Driving Force

Living the ski lifestyle isn’t exactly easy for most busy parents. But where there’s a will, there’s a way.
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Living the ski lifestyle isn’t exactly easy for most busy parents. But where there’s a will, there’s a way.
Driving Force tout

It’s 9:30 on a midwinter Friday night, and a river of red taillights winds its way east along I-80 up and over the High Sierra. Many of the cars are heading to old family cabins and rental properties around Lake Tahoe—places that are dark and empty most weekdays. But late on Fridays they come to life with the warmth of wood stoves and soft lights and the comforting smells of home-cooked lasagna and chili and hot chocolate.

Tucked into the back seat of a blue Toyota Highlander hybrid and already in their jammies, nine-year-old Kendall and six-year-old Marissa alternately snooze and listen to books on CDs as their parents, Rebecca and Pete Scanlan, navigate their way from Mill Valley, Calif., toward ski country. The Scanlans, like thousands of other families, are ski-weekend veterans, and they have the drill dialed in: dinner at home, then the kids brush their teeth and get into pajamas and climb into the car by 7:45. (It can take five or six hours from the Bay Area if you leave at five. The Scanlans usually do it in 3:15.)

It’s a scene that plays out every Friday night all season long on American interstates that lead to snow—I-70 to Summit County, I-91 to Vermont and New Hampshire, and all the other highways packed with road-warrior families making their regular weekend commutes, enduring hours of drive time to and from the mountains through darkness and all kinds of weather to carve out a skiing lifestyle amid the constant weekday pressure of work and school. The Scanlans head to Alpine Meadows almost every weekend of the sason because the girls are Alpine Rangers.

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Alpine Rangers is a seasonlong program designed to teach kids ages five to 12 a full range of ski skills, mountain sense, and the principles of good skiing citizenship. During the 44 days of intensive ski instruction, the kids work on technique, steeps and powder and ice, dropping small airs, and every aspect of ski safety and etiquette. Kendall’s been an Alpine Ranger for three years. Marissa for two. They were both regulars in ski school before that. And while some kids are ambivalent about skiing every weekend, these girls are into it.

I love skiing because it’s adventurous, and I like being in the outdoors all day long,” says Kendall, who, like most Tahoe skiers, has become something of a powderhound “because skiing on powder feels like I’m flying.”

Marissa is no less stoked than her big sister. “Ski team makes me stronger and more experienced,” she says. “And now I know where the secret stashes are!”

Fifteen-plus weekends is a big commitment, and the Scanlans, like most families, are busy. But come Friday evening, the Scanlans, as a family, turn their attention to skiing.

“We enjoy the Tahoe mountain respite from our busy lives,” says Pete, “and while we may ‘sacrifice’ getting stuff done around the house and socializing with friends, we’re creating positive lasting family memories that will become a part of our children’s life stories.”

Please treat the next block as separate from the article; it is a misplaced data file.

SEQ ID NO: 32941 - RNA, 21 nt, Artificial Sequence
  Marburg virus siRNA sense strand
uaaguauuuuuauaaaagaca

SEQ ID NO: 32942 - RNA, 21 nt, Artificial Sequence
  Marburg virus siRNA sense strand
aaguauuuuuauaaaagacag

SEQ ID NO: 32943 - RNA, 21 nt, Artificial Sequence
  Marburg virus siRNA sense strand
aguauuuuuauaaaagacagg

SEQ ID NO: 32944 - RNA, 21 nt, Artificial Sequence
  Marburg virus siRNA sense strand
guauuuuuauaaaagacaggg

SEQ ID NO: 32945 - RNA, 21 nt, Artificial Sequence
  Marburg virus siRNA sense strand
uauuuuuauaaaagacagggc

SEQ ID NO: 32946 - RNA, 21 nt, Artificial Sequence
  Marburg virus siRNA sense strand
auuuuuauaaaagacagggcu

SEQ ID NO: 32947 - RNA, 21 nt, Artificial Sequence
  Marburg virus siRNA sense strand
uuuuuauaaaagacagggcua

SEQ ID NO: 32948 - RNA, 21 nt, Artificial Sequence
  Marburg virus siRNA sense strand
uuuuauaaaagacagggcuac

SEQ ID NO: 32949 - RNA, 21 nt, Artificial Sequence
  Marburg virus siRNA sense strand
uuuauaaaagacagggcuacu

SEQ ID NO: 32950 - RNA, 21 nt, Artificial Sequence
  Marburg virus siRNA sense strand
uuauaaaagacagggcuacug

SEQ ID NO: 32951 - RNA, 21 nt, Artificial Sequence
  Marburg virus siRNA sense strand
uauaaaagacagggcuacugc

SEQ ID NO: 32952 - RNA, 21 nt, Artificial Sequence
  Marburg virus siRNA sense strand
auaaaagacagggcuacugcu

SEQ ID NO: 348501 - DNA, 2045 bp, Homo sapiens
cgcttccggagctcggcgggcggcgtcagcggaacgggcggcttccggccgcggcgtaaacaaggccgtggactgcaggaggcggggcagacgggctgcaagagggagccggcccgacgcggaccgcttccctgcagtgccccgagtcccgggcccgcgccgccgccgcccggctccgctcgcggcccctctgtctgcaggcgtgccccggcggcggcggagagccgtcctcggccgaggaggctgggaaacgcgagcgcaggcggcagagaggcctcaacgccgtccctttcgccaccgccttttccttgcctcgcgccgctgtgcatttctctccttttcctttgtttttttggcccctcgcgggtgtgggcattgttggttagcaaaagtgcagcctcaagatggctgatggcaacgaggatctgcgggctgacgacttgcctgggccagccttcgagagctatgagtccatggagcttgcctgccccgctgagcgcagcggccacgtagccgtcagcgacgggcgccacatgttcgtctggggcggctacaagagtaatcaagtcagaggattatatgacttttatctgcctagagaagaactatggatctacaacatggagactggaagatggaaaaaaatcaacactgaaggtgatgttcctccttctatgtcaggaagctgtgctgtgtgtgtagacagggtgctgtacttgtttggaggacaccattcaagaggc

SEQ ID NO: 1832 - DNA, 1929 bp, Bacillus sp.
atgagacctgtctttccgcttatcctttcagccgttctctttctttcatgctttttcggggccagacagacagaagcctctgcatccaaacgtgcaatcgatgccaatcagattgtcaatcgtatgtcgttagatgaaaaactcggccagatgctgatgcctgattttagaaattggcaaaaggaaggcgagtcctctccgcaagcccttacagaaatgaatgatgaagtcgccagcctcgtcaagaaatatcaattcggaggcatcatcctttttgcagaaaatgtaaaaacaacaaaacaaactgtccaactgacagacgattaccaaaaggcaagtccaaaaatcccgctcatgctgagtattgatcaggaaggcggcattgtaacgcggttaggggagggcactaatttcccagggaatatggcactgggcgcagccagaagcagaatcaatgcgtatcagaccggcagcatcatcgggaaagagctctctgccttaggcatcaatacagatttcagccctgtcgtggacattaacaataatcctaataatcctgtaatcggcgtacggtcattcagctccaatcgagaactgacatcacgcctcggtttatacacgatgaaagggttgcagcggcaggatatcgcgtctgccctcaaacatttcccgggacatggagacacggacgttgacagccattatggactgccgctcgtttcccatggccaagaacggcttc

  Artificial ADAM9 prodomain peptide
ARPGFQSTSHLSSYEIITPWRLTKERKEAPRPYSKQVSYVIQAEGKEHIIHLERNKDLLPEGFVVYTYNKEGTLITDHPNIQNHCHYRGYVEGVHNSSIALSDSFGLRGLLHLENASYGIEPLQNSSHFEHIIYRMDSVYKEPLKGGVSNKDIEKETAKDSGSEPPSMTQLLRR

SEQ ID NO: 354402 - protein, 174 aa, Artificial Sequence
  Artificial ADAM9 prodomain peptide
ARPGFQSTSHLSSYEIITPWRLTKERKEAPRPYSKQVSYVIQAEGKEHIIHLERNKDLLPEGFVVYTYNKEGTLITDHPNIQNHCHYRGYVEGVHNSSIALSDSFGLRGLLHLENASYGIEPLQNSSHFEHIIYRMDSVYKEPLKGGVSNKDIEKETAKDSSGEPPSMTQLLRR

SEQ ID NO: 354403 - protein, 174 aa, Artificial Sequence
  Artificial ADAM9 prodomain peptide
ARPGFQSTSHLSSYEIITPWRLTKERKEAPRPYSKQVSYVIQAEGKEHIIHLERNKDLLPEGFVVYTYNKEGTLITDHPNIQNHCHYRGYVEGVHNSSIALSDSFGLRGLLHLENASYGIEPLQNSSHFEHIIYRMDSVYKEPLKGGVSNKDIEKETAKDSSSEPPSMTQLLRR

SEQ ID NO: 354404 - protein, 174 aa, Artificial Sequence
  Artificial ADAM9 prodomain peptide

Rebecca and Pete are both native Californians, and while they didn’t grow up in ski families, skiing has been integral to their lives since both of them were young. Pete started in fourth grade and later honed his skills at college in Boulder, Colo., returning to the Bay Area and sharing ski cabins with friends at Squaw Valley and Alpine over the years. Rebecca took her first runs at tiny Dodge Ridge when she was a girl, and after she met Pete they took telemark lessons and backcountry trips together.

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Some parents drop off the kids in the morning and don’t see them again until afternoon, but Rebecca and Pete are skiing Alpine most days, and they meet the girls at lunchtime and eat with the team members, coaches, and some of the other families. Alpine Rangers coach Eva Graves has worked with both Marissa and Kendall over the last two seasons and knows the family well. “The Scanlans are sort of the nucleus of the team’s community,” says Graves. “You’re excited to see them show up in the morning and they have real friendships with the coaches and the other families. Sometimes we take extra laps with them at the end of the day.”

The dedication required to fully participate in an every-weekend ski program is substantial. Fifteen weekends amounts to 6,000 miles and a minimum of 98 hours of drive time. The program costs $2,100 per child. Add in season passes for Pete and Rebecca, a locker at Alpine, the price of gas, a condo shared with two other families, and all the other expenses incurred during a ski season, and the financial commitment is quite significant too.

Is it worth it?

“We have a passion for the mountains, which we want to instill in our children,” says Rebecca. “Learning to ski early in life will give the girls a confidence like none other. Standing at the top of the mountain and knowing I’ve got this.” That feeling will translate to every aspect of their lives.”

(Photos by Rachid Dahnoun)

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